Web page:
We made several decisions that propelled us toward the goal of paying off our debt. These are ten of the most important things we did!
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Shuffling through the monthly statements and bills was overwhelming. Thinking about how much money this would cost us over the lengthy “repayment period” was sickening. “We’re paying how much each month?!”
Finding ourselves with a lot of debt was not exactly how we envisioned our financial future when we got married. Devising a plan to pay off our debt was the first step to digging out of the hole we’d gotten ourselves into. But in order to overcome such a significant mountain of debt, we had some decisions to make about what we would or would not spend money on.
We had to buckle down and cut corners and earn more and do anything we could to climb out of the pit. The truth that I’ve heard many times is, “You can wander into debt, but you can’t wander out.” You have to be intentional.
There have been countless steps we’ve taken and decisions we’ve made in support of paying off our debt.
We are almost to the end of our debt free journey, as we have paid off the majority of the debt and are working diligently to pay off the remainder. A celebratory post will follow once we’ve achieved our goal of debt freedom! 🙂 Update: WE’RE DEBT FREE!! Read about some of the benefits of our debt-free lifestyle here!
It is important to note that even small decisions add up. Sometimes it is easy to think, “That will only save $10-15, which pales in comparison to the debt I have.” And that’s true. But several $10-15 decisions, made over and over again, add up to significant progress. Also, small decisions can impact your mindset. If you get off track in the small things, it’s easier to get off track in the big things, too.
These are just ten of the many decisions we made and steps we took to help us pay off such a huge amount of debt. I realize some of these may not work for everyone. But if you are wanting to get out of debt, I hope the actions we took will inspire you and make the goal seem more doable for you!
1. We created a monthly budget.
To get to where you want to go, you first have to know where you are.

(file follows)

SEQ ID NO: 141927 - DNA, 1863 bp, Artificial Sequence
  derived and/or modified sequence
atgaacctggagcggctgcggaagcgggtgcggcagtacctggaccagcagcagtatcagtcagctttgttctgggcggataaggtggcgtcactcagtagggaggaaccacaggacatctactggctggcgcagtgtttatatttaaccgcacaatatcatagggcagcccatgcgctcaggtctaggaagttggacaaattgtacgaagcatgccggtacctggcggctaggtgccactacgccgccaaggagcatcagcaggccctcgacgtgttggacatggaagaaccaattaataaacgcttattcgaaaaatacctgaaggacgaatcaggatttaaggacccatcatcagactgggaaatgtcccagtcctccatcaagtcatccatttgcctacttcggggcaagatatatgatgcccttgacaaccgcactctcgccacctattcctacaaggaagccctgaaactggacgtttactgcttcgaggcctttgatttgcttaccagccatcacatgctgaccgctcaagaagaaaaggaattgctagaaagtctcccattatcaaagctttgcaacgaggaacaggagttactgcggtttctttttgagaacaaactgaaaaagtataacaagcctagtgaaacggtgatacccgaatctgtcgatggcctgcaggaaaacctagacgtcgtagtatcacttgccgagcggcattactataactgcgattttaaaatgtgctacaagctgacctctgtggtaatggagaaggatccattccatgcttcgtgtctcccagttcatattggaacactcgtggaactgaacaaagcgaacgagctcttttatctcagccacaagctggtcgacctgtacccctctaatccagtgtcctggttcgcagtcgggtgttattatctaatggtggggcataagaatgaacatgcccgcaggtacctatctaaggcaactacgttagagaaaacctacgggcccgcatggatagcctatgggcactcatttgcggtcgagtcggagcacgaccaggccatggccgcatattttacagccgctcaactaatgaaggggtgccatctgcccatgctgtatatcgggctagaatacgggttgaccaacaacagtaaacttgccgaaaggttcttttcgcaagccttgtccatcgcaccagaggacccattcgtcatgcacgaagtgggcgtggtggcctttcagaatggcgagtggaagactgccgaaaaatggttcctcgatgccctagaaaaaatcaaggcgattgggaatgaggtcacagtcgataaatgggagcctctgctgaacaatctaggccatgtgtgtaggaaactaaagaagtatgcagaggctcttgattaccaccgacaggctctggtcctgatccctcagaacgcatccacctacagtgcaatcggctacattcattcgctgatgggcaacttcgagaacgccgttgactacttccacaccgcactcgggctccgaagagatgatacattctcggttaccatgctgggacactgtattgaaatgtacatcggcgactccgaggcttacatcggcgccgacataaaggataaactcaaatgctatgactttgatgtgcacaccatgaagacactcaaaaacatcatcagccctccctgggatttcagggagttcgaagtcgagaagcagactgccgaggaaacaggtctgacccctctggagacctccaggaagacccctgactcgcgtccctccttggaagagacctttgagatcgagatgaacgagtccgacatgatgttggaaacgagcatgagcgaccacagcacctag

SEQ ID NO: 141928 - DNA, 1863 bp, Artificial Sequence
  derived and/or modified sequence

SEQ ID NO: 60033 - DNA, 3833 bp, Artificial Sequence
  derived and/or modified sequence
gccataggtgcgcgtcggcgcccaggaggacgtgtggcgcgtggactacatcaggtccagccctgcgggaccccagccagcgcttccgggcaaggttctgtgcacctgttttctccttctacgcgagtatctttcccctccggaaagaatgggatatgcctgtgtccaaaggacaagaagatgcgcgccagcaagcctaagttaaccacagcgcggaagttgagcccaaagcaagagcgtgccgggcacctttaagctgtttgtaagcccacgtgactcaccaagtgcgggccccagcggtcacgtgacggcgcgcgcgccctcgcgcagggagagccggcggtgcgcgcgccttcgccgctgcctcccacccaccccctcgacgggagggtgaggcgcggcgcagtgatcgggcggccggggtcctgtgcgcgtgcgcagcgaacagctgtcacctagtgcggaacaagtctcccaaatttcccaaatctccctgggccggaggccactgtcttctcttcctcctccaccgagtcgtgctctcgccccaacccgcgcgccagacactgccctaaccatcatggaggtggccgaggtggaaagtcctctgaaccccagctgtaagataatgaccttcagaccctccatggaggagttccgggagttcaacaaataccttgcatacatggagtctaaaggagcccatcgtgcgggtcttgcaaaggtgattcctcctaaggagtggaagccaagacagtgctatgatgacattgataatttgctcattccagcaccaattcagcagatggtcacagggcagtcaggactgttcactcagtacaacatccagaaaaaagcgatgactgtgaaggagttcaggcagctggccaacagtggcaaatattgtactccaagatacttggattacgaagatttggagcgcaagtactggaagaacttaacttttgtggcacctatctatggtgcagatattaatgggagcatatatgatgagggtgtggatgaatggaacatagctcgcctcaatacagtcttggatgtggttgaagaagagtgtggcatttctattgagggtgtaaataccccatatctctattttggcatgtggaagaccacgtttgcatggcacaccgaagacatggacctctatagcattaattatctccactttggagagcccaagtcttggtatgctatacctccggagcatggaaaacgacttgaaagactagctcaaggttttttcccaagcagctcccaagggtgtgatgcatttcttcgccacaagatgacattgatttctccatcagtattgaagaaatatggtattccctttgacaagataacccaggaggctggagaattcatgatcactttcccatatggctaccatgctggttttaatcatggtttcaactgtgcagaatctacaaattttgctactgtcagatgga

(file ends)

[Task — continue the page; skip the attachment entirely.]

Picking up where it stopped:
Creating a budget is such an important key to achieving any financial goal. Without doing a budget, you won’t really know exactly how much you can afford to pay toward your debt each month. You also won’t be able to see areas where you can potentially cut back in order to increase your debt payment. Having a budget each month really helped us to see our situation in a better light.
Need to create your own budget? You can sign up below to receive my FREE Monthly Budget printables!
- How to Create a Budget in 6 Simple Steps
- How to Budget with a Fluctuating Income
- 10 Reasons Your Budget is Failing
2. We decreased our grocery budget.
The grocery budget is one of the easiest places for most people to decrease expenses. Before we had kids, our weekly grocery budget averaged around $40 for the two of us. I clipped coupons, meal planned, cooked at home, and shopped sales at multiple stores in order to keep our costs low.
Now that we are a family of five, our weekly budget has increased to about $80-100 per week. I no longer realistically have the time to clip coupons, but I still meal plan every single week and cook the majority of our meals at home. I also still shop the sales and love online grocery shopping (my favorite options are Kroger ClickList and Walmart Grocery Pickup) as a way to avoid impulse buys!
Get $10 off an order of $50 or more with Walmart Grocery Pickup here.
The USDA published a food plan document that gives the average cost of food at home for four different budget levels: thrifty, low-cost, moderate-cost, and liberal. According to the lowest-cost thrifty plan, the average cost for a family the size and ages of mine would be $156.90/week. So while I could probably trim down our weekly budget a bit with coupons and such, I feel pretty good about the fact that I’m able to feed my family of five well on $80-100 each week.